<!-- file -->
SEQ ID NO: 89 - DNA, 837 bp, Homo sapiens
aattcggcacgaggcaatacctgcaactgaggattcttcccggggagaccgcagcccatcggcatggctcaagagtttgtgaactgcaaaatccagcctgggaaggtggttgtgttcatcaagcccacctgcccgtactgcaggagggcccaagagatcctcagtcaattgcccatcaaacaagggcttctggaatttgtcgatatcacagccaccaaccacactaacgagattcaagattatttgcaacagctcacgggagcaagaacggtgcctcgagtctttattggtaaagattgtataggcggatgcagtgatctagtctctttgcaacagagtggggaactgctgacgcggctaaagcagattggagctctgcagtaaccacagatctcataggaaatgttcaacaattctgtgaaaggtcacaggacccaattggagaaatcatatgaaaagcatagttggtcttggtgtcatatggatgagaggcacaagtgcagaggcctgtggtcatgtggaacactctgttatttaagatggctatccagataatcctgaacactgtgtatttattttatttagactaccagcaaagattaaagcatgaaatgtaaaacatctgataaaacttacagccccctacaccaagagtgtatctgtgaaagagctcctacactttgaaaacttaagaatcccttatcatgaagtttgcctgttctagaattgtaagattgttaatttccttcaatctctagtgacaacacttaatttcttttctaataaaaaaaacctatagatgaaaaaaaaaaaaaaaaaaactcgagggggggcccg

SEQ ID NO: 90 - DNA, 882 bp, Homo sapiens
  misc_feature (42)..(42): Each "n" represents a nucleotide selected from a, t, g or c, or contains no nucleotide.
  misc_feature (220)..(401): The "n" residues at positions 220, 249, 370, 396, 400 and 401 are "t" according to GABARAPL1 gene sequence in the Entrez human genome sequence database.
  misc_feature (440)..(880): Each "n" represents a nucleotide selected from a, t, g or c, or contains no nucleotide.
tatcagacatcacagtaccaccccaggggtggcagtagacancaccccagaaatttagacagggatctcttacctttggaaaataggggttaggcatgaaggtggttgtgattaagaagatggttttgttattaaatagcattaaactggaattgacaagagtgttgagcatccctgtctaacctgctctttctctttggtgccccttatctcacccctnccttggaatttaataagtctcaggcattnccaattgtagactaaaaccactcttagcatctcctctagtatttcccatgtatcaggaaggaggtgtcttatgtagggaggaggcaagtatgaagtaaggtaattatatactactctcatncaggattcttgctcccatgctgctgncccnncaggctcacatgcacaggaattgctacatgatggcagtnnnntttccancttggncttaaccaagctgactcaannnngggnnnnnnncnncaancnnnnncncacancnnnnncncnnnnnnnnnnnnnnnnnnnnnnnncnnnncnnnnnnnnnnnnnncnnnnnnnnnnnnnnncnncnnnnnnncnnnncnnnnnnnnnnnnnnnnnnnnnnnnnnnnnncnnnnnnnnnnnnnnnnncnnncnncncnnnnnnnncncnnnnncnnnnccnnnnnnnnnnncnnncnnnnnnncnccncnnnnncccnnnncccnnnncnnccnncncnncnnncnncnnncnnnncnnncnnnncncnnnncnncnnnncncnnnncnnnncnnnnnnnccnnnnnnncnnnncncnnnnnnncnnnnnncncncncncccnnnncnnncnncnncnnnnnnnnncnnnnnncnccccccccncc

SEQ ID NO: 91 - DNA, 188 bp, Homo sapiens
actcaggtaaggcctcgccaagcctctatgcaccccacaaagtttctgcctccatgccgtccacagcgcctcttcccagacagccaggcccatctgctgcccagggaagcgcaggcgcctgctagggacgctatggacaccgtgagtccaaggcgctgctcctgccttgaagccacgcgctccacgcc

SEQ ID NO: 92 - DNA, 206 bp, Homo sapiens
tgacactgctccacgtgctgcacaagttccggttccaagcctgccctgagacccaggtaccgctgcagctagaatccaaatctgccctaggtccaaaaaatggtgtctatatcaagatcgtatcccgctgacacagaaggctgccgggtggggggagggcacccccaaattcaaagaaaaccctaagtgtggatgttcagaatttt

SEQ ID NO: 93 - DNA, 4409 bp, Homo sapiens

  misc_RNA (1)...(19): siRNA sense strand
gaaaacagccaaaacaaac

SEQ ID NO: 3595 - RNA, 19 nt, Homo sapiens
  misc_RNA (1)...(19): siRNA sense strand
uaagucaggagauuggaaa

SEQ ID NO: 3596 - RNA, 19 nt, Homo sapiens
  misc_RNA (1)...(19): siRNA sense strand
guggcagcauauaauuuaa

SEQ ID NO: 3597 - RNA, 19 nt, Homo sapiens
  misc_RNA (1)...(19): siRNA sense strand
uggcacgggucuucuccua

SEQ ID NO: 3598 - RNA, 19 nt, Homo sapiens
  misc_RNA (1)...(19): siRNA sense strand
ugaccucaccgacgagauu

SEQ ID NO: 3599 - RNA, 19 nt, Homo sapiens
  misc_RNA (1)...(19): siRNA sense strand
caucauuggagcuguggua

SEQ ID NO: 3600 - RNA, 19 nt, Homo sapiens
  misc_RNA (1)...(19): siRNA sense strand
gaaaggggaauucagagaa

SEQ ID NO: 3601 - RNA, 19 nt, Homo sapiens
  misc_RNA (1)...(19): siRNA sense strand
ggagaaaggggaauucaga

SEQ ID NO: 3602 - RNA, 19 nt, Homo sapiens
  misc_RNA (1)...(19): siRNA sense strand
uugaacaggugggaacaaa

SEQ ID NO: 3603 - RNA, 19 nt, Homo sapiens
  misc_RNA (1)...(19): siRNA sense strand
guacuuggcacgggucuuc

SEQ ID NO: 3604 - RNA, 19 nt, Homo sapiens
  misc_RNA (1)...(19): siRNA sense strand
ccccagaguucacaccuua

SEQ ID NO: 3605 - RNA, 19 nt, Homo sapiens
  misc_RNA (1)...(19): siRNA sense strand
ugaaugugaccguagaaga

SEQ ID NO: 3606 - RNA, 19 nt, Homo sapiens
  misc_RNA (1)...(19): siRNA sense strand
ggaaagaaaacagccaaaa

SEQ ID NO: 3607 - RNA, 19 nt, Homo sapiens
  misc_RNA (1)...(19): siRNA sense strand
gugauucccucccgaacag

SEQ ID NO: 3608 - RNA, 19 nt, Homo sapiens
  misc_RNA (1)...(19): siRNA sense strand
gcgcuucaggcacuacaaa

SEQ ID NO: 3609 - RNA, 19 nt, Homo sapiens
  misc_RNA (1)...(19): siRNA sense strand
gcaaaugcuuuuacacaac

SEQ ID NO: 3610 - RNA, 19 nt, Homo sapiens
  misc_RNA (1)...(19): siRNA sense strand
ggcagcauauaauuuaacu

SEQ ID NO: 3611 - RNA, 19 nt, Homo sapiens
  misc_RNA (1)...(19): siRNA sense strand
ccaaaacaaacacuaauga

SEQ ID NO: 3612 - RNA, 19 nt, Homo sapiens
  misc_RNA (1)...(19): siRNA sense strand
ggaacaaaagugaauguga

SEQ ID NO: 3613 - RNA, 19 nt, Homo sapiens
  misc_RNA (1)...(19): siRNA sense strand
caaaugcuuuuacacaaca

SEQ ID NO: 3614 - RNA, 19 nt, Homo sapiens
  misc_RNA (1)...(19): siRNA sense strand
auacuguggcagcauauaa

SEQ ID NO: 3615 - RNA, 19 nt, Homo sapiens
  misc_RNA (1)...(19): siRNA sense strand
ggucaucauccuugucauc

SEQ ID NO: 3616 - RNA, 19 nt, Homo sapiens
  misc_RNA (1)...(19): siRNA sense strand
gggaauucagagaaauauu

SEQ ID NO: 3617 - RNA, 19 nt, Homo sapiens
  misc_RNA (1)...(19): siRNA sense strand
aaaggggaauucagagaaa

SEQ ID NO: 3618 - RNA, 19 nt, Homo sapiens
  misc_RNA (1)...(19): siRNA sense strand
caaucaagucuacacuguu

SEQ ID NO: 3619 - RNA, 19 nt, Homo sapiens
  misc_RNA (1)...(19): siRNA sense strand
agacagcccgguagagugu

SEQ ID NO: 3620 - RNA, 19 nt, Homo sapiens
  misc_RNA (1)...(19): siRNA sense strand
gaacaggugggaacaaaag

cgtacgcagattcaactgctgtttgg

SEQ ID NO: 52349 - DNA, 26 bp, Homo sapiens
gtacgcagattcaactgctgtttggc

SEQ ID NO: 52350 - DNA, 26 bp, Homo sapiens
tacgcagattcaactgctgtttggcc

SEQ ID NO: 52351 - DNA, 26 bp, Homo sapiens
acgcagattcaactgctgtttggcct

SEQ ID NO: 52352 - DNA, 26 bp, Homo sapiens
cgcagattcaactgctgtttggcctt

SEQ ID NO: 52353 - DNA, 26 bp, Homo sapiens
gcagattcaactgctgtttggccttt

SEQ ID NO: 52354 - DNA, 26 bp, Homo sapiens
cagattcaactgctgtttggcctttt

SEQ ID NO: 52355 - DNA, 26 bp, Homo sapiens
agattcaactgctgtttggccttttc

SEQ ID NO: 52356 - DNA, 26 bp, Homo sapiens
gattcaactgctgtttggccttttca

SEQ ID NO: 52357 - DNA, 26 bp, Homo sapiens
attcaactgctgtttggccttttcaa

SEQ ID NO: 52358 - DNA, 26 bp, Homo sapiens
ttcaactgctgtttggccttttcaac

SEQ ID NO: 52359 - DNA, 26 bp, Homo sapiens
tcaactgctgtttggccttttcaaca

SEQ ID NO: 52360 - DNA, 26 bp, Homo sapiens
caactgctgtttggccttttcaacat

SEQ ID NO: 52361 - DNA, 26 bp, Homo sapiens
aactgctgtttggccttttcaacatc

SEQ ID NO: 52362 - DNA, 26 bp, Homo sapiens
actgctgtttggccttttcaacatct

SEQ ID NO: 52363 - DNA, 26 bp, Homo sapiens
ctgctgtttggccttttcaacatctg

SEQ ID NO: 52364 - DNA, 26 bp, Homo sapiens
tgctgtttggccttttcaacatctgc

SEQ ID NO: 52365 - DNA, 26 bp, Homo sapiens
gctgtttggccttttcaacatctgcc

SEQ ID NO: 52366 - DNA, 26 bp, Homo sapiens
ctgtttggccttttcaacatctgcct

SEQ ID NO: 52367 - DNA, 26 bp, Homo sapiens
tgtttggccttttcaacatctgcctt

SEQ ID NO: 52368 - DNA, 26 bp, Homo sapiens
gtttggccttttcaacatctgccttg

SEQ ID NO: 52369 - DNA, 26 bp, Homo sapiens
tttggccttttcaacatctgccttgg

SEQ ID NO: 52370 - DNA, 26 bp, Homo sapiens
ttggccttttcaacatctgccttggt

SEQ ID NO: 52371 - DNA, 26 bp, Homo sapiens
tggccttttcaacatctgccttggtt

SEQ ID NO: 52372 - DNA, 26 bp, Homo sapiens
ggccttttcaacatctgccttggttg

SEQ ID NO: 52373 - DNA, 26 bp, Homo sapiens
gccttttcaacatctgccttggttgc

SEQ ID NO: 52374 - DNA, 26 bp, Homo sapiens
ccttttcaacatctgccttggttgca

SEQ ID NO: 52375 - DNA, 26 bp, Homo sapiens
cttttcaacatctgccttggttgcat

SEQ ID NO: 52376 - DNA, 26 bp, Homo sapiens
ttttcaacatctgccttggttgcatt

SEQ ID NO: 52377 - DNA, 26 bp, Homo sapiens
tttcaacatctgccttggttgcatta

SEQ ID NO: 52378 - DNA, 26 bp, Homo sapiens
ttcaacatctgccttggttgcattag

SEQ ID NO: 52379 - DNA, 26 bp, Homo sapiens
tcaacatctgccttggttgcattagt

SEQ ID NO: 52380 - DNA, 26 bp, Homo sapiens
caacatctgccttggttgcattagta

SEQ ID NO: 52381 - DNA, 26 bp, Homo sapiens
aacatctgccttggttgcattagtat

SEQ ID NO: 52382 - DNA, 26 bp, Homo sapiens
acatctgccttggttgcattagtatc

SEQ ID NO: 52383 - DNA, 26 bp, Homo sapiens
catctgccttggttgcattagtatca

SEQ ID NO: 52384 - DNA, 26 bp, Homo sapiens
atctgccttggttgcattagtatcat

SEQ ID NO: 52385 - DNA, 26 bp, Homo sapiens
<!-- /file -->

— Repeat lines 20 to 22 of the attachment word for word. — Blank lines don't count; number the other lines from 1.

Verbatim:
guggcagcauauaauuuaa

SEQ ID NO: 3597 - RNA, 19 nt, Homo sapiens
  misc_RNA (1)...(19): siRNA sense strand